The Paradoxical Co-Existence of Malnourishment & Obesity

Rachel Mahoney

In his piece Culture and the Evolution of Obesity, Professor Peter J. Brown of Emory University’s Global Health Institute explores the social factors that contribute to dangerous diets — specifically obesity.  Brown rejects the traditional view that human predisposition to obesity and fatness are situated solely within the context of biological evolution, in favor of the notion that “the etiology of obesity must account for the social distribution of the condition with regard to gender, ethnicity, social class, and economic modernization … this distribution, which has changed throughout history, undoubtedly involves cultural factors” (Brown 1991: 31).  Brown argues that obesity and hunger are situated instead in a dynamic landscape of networks, institutions, cultural beliefs, and biological evolution, which all fuel the startling rate of obesity in both developed and developing regionsof the globe.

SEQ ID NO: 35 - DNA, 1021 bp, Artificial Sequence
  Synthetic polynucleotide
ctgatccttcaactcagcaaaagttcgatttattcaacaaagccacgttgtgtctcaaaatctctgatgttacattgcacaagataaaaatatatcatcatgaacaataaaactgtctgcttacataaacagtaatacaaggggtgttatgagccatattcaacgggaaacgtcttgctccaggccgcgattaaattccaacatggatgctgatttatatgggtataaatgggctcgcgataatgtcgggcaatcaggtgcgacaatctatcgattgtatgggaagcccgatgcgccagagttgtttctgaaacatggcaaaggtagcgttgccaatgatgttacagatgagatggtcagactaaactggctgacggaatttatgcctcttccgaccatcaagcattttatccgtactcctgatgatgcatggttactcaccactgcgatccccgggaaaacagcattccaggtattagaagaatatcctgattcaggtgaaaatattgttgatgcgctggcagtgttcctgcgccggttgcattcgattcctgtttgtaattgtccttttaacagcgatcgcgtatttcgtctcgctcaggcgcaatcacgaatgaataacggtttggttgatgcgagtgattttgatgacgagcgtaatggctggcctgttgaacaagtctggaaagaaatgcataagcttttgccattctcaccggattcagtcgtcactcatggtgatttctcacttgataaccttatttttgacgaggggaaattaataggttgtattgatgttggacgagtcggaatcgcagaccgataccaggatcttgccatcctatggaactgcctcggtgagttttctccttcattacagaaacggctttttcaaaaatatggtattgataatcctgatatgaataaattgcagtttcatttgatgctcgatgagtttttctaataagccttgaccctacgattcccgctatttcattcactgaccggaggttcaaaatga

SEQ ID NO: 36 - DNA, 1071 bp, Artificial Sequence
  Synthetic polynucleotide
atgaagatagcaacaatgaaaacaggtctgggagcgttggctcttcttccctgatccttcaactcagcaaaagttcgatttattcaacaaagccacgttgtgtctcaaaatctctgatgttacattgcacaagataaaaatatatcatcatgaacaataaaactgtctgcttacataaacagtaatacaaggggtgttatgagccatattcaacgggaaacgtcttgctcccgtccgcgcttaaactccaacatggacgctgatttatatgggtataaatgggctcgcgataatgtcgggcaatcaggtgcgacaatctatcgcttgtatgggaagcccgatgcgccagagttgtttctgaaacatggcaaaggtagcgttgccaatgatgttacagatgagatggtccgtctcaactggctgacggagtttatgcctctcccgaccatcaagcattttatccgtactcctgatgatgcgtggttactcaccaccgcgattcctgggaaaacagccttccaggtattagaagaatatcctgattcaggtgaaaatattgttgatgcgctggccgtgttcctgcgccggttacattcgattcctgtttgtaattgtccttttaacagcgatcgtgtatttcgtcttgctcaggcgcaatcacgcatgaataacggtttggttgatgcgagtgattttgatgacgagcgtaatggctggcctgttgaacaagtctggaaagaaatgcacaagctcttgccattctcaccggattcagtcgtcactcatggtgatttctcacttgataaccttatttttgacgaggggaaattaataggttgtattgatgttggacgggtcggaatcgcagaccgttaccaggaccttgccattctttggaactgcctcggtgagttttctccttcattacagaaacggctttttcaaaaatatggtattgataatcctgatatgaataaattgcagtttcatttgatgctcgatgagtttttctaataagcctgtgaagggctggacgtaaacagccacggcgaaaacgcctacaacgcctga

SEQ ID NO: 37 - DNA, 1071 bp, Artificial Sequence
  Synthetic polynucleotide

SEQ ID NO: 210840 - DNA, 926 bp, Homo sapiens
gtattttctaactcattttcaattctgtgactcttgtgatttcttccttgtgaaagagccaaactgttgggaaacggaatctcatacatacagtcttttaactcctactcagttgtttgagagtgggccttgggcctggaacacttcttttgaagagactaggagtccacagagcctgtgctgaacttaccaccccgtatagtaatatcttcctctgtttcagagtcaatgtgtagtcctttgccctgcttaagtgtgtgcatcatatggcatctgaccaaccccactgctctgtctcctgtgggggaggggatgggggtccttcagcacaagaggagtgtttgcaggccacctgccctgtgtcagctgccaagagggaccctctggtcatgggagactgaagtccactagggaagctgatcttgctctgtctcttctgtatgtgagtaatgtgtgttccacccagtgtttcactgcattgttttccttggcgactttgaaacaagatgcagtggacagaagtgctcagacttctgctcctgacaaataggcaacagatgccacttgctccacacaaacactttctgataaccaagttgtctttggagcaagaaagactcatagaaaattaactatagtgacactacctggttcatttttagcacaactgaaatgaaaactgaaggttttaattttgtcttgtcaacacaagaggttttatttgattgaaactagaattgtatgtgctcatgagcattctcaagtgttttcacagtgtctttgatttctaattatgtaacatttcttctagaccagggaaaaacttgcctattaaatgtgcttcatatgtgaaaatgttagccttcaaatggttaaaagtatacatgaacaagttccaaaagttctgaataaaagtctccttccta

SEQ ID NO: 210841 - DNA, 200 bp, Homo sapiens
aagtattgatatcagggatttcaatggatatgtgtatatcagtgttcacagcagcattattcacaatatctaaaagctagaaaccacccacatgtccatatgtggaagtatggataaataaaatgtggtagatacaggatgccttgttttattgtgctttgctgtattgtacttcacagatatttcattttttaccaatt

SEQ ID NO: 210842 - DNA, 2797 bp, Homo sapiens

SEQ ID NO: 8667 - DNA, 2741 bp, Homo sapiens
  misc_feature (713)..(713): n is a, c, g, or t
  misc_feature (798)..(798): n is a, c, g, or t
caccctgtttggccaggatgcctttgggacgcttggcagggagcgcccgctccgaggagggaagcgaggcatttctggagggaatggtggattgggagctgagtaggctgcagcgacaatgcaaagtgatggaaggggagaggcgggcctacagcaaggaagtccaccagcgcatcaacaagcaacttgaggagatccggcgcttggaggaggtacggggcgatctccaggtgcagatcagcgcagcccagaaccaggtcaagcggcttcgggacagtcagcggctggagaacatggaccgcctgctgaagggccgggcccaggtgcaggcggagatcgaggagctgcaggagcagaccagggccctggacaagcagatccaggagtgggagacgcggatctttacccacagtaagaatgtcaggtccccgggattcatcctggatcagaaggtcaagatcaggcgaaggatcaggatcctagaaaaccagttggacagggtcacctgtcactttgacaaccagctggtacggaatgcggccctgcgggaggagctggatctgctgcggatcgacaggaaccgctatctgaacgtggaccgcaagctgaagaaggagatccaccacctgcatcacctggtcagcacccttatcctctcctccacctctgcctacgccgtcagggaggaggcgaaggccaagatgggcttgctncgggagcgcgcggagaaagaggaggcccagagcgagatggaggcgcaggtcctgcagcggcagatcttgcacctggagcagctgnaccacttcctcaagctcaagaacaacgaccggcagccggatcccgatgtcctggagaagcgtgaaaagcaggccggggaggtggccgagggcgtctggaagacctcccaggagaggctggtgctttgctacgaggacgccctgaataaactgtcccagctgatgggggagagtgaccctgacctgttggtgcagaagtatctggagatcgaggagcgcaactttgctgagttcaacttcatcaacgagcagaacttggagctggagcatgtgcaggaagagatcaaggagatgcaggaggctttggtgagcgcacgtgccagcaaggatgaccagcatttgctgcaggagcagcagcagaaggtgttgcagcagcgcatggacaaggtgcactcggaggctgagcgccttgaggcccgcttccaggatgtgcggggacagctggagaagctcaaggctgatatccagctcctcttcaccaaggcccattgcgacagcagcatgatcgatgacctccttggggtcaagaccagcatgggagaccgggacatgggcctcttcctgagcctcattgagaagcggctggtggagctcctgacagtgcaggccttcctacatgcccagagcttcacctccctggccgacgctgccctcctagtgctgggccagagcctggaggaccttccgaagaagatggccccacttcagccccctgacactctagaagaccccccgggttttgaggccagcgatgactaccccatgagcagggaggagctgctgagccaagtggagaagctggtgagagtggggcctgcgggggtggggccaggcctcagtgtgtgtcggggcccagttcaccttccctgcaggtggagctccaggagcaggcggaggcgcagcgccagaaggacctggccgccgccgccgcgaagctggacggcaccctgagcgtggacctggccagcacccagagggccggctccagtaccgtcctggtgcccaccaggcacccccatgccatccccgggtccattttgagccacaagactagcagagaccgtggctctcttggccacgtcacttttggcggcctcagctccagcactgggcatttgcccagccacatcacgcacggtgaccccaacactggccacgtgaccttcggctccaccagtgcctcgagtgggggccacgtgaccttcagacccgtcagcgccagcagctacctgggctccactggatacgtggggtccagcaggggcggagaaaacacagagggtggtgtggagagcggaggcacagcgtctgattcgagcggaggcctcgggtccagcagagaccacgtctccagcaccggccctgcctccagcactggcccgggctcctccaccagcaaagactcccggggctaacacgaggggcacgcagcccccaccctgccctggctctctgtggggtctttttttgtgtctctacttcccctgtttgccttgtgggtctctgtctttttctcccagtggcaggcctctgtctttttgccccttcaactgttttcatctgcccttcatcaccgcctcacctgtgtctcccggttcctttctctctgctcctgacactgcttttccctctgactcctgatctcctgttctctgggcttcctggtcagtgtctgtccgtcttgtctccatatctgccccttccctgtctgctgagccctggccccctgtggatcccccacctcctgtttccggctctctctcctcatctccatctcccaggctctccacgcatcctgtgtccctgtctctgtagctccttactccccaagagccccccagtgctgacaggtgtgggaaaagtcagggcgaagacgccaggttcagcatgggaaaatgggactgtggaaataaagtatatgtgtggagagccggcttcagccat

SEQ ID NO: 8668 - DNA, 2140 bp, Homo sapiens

Most countries have extreme numbers of simultaneous underweight and overweight BMIs


One thought on “The Paradoxical Co-Existence of Malnourishment & Obesity

  1. The social factors that lead to obesity have also been explored by scientists studying the Havasupai Tribe who reside in the Grand Canyon. Research has shown genetic links to obesity and metabolic rates, however, it is currently believed that these factors become more dangerous when compounded by social factors such as diet and exercise. As Brown’s research states, it seems logical to consider a “dynamic landscape of of networks” when studying dietary health because how we care for our bodies has deep cultural connections.

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